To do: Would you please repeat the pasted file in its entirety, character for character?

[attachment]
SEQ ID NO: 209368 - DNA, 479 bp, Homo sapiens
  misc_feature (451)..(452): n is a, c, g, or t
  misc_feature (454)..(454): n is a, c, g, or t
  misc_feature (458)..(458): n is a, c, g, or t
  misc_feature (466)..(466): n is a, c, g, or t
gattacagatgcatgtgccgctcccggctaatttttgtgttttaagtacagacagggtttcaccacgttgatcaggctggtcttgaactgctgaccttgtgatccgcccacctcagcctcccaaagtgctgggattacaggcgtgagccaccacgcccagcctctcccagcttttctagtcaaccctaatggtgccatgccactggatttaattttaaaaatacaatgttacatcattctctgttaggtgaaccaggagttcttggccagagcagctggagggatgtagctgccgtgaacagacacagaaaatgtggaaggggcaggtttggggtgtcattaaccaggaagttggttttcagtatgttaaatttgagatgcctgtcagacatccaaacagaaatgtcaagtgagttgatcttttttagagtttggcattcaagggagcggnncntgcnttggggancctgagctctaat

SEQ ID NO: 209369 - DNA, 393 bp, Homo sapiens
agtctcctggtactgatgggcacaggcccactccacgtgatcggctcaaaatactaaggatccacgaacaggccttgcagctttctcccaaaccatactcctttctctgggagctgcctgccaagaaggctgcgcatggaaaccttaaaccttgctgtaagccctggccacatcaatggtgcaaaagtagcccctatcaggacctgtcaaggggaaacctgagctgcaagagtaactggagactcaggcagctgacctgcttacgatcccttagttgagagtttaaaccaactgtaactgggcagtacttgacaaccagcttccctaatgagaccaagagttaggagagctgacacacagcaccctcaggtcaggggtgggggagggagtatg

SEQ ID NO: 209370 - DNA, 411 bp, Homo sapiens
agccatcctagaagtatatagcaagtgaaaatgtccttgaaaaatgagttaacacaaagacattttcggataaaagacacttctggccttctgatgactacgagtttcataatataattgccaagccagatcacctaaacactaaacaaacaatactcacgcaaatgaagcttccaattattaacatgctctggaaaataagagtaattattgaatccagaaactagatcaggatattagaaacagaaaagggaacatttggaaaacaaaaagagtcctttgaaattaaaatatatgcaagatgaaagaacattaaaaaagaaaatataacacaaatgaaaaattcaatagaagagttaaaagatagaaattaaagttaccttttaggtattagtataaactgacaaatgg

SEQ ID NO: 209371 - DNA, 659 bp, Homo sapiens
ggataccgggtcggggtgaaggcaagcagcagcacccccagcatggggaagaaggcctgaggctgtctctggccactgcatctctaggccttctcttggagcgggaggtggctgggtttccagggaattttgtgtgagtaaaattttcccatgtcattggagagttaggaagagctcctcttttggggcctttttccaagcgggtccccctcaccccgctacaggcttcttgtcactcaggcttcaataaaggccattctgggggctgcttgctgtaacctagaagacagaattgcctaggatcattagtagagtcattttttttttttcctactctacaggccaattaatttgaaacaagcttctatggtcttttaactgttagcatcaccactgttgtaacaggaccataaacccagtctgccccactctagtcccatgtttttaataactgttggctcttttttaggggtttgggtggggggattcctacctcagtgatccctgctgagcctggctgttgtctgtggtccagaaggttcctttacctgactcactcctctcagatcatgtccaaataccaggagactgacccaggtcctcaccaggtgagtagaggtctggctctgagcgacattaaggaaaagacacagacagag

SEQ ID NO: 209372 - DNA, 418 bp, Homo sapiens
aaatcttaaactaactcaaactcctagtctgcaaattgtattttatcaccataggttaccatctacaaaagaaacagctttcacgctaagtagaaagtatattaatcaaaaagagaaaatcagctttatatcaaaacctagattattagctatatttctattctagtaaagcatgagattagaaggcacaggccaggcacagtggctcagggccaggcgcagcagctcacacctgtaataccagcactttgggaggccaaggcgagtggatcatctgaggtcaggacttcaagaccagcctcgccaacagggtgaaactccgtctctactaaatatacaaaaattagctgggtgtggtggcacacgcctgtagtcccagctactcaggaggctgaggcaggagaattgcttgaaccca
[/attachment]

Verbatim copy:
SEQ ID NO: 209368 - DNA, 479 bp, Homo sapiens
  misc_feature (451)..(452): n is a, c, g, or t
  misc_feature (454)..(454): n is a, c, g, or t
  misc_feature (458)..(458): n is a, c, g, or t
  misc_feature (466)..(466): n is a, c, g, or t
gattacagatgcatgtgccgctcccggctaatttttgtgttttaagtacagacagggtttcaccacgttgatcaggctggtcttgaactgctgaccttgtgatccgcccacctcagcctcccaaagtgctgggattacaggcgtgagccaccacgcccagcctctcccagcttttctagtcaaccctaatggtgccatgccactggatttaattttaaaaatacaatgttacatcattctctgttaggtgaaccaggagttcttggccagagcagctggagggatgtagctgccgtgaacagacacagaaaatgtggaaggggcaggtttggggtgtcattaaccaggaagttggttttcagtatgttaaatttgagatgcctgtcagacatccaaacagaaatgtcaagtgagttgatcttttttagagtttggcattcaagggagcggnncntgcnttggggancctgagctctaat

SEQ ID NO: 209369 - DNA, 393 bp, Homo sapiens
agtctcctggtactgatgggcacaggcccactccacgtgatcggctcaaaatactaaggatccacgaacaggccttgcagctttctcccaaaccatactcctttctctgggagctgcctgccaagaaggctgcgcatggaaaccttaaaccttgctgtaagccctggccacatcaatggtgcaaaagtagcccctatcaggacctgtcaaggggaaacctgagctgcaagagtaactggagactcaggcagctgacctgcttacgatcccttagttgagagtttaaaccaactgtaactgggcagtacttgacaaccagcttccctaatgagaccaagagttaggagagctgacacacagcaccctcaggtcaggggtgggggagggagtatg

SEQ ID NO: 209370 - DNA, 411 bp, Homo sapiens
agccatcctagaagtatatagcaagtgaaaatgtccttgaaaaatgagttaacacaaagacattttcggataaaagacacttctggccttctgatgactacgagtttcataatataattgccaagccagatcacctaaacactaaacaaacaatactcacgcaaatgaagcttccaattattaacatgctctggaaaataagagtaattattgaatccagaaactagatcaggatattagaaacagaaaagggaacatttggaaaacaaaaagagtcctttgaaattaaaatatatgcaagatgaaagaacattaaaaaagaaaatataacacaaatgaaaaattcaatagaagagttaaaagatagaaattaaagttaccttttaggtattagtataaactgacaaatgg

SEQ ID NO: 209371 - DNA, 659 bp, Homo sapiens
ggataccgggtcggggtgaaggcaagcagcagcacccccagcatggggaagaaggcctgaggctgtctctggccactgcatctctaggccttctcttggagcgggaggtggctgggtttccagggaattttgtgtgagtaaaattttcccatgtcattggagagttaggaagagctcctcttttggggcctttttccaagcgggtccccctcaccccgctacaggcttcttgtcactcaggcttcaataaaggccattctgggggctgcttgctgtaacctagaagacagaattgcctaggatcattagtagagtcattttttttttttcctactctacaggccaattaatttgaaacaagcttctatggtcttttaactgttagcatcaccactgttgtaacaggaccataaacccagtctgccccactctagtcccatgtttttaataactgttggctcttttttaggggtttgggtggggggattcctacctcagtgatccctgctgagcctggctgttgtctgtggtccagaaggttcctttacctgactcactcctctcagatcatgtccaaataccaggagactgacccaggtcctcaccaggtgagtagaggtctggctctgagcgacattaaggaaaagacacagacagag

SEQ ID NO: 209372 - DNA, 418 bp, Homo sapiens
aaatcttaaactaactcaaactcctagtctgcaaattgtattttatcaccataggttaccatctacaaaagaaacagctttcacgctaagtagaaagtatattaatcaaaaagagaaaatcagctttatatcaaaacctagattattagctatatttctattctagtaaagcatgagattagaaggcacaggccaggcacagtggctcagggccaggcgcagcagctcacacctgtaataccagcactttgggaggccaaggcgagtggatcatctgaggtcaggacttcaagaccagcctcgccaacagggtgaaactccgtctctactaaatatacaaaaattagctgggtgtggtggcacacgcctgtagtcccagctactcaggaggctgaggcaggagaattgcttgaaccca